Following a fatal crash last Friday, the National Transportation Safety Board has announced an investigation into Tesla and its autopilot system. The crash occurred in Mountain View, California and involved a Model X. The NTSB will be examining the post-crash fire as well as possible steps to make the vehicles safer for removal from the scene of the incident.
2 NTSB investigators conducting Field Investigation for fatal March 23, 2018, crash of a Tesla near Mountain View, CA. Unclear if automated control system was active at time of crash. Issues examined include: post-crash fire, steps to make vehicle safe for removal from scene.— NTSB_Newsroom (@NTSB_Newsroom) March 27, 2018
It is currently unclear if the autopilot system was active in the moments before the crash and since the crash was so severe, Tesla has so far been unable to recover the data logs from the vehicle. Tesla released a statement about the incident and blames the severity on the absence of functioning crash attenuators. These large metal devices crumple up on impact and help absorb much of the energy in a crash. The attenuator at the spot of the crash had either been removed or crushed previously without replacement.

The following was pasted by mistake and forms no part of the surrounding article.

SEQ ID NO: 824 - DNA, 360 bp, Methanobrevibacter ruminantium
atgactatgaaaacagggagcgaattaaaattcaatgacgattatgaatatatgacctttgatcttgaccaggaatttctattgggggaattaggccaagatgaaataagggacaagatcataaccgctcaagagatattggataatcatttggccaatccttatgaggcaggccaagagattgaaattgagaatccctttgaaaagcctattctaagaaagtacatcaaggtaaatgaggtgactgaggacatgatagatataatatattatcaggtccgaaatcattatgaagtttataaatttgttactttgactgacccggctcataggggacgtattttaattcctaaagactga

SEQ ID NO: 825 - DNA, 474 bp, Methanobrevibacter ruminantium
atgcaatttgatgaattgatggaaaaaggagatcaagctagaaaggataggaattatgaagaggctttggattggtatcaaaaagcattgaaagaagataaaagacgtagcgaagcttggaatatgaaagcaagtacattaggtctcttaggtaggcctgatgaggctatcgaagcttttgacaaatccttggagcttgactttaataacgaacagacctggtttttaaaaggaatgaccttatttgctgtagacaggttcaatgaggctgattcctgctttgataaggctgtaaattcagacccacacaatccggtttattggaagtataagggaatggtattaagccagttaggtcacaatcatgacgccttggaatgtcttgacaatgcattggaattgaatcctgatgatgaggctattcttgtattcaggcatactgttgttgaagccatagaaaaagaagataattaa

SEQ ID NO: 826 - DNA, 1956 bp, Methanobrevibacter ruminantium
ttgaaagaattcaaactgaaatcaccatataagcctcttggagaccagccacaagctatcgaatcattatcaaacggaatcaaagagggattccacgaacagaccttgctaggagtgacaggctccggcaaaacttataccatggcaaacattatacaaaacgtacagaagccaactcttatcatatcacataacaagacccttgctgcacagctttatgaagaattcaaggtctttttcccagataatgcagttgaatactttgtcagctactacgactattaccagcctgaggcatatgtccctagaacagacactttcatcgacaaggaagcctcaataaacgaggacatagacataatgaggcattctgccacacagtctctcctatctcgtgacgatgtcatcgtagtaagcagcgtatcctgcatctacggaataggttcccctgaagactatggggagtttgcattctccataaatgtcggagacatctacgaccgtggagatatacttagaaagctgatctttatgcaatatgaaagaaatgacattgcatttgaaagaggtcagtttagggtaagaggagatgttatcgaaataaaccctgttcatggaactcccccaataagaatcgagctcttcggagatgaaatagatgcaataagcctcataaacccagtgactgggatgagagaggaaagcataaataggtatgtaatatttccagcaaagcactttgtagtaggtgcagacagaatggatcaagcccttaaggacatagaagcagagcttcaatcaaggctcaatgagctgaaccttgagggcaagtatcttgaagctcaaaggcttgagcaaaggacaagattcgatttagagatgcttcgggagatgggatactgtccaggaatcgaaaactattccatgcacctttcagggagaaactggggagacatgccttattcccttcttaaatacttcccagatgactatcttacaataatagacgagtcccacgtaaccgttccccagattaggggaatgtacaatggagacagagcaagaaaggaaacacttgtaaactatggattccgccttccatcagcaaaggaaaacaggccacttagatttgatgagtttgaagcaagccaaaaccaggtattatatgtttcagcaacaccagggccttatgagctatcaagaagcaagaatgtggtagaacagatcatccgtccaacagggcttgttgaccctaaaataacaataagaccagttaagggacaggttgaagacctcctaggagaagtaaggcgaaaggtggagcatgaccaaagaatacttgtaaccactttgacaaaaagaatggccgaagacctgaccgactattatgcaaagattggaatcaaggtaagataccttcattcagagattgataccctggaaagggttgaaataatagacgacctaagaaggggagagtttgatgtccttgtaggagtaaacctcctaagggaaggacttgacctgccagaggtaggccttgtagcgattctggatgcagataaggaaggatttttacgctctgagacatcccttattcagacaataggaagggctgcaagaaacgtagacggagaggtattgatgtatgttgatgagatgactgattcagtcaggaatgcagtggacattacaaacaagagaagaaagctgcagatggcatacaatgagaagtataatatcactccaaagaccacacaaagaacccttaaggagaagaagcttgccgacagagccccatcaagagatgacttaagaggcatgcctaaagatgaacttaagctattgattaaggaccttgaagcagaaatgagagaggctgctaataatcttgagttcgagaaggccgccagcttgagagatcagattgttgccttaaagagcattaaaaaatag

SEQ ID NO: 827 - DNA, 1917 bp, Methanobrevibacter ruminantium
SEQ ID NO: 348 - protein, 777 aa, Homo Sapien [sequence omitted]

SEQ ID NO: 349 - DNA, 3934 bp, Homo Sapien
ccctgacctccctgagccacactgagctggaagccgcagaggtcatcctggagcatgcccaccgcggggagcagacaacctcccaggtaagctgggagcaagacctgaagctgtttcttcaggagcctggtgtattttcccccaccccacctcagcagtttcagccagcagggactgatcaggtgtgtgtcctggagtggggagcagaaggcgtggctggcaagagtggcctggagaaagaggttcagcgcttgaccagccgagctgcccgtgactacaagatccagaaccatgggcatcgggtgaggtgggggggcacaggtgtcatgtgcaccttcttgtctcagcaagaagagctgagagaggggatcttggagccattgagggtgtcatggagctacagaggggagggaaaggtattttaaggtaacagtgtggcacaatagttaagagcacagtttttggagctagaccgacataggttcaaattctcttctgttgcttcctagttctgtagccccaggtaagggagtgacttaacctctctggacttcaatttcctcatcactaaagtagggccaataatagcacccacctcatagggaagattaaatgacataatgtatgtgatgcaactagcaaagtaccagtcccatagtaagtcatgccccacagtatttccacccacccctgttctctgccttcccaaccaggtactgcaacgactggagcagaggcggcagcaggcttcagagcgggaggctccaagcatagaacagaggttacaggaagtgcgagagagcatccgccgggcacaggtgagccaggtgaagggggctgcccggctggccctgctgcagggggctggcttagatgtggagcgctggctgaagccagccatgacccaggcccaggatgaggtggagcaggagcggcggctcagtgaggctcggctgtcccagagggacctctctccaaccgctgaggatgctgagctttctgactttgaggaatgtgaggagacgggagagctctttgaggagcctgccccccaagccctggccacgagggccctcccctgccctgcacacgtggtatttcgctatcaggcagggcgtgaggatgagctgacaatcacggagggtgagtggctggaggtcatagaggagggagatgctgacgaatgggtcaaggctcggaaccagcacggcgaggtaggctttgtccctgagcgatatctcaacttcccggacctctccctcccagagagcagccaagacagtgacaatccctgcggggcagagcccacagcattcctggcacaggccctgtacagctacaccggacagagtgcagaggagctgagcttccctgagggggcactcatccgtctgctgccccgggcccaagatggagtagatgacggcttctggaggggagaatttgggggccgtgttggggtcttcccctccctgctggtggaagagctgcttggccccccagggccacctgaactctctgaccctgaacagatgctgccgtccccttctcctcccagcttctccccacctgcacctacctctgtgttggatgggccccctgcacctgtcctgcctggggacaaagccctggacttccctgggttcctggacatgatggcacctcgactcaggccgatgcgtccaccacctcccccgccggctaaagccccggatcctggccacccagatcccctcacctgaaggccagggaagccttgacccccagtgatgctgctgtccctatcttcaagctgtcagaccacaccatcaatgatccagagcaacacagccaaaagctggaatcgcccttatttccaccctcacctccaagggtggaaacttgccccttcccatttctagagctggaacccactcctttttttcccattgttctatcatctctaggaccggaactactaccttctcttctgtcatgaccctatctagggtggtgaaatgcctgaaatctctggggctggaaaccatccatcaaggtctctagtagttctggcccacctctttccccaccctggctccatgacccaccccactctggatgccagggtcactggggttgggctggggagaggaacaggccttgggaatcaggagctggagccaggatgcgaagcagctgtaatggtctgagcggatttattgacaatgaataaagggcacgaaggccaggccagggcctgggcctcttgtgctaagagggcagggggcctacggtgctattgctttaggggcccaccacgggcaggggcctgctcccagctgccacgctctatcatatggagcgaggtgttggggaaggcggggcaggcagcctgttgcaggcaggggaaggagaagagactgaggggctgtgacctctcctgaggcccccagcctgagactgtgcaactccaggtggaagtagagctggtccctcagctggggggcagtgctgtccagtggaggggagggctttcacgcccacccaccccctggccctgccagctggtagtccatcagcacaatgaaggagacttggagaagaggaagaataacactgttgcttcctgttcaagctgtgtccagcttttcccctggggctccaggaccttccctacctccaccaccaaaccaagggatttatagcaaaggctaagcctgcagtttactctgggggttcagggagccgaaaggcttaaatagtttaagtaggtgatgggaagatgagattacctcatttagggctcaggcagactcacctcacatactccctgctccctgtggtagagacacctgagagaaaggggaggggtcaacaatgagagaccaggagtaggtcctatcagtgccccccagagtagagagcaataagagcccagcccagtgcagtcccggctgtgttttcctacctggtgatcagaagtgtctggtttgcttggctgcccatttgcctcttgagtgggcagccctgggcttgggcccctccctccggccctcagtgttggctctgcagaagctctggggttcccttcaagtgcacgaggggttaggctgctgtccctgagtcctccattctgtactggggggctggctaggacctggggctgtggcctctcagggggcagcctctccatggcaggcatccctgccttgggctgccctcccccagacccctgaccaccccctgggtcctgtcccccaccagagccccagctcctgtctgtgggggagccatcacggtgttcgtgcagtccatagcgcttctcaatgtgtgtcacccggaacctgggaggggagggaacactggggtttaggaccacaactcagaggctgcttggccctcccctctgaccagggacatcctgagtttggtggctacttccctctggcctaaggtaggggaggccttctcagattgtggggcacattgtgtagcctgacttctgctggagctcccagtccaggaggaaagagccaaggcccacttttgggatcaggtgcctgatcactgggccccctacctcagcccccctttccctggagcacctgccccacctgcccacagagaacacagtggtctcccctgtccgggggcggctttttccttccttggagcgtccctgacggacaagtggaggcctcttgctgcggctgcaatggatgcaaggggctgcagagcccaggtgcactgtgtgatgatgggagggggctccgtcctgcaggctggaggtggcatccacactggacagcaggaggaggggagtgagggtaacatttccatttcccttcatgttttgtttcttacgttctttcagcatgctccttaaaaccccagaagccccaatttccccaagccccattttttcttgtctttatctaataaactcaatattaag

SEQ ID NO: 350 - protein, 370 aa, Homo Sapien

Tesla's data show that since their autopilot system was introduced, Tesla vehicles have driven past this exact stretch of road roughly 85,000 times with no accidents. High voltage battery systems like the ones that power all Tesla vehicles are inherently dangerous and prone to fires in crashes. Because of this, Tesla has designed them to slow the spread of such a fire. They estimate that traditional gas powered vehicles are five times more likely to catch fire.
Tesla's stock is down double digits this week following the news. Moody's has downgraded Tesla's credit and bond rating as well as putting a negative outlook on the company.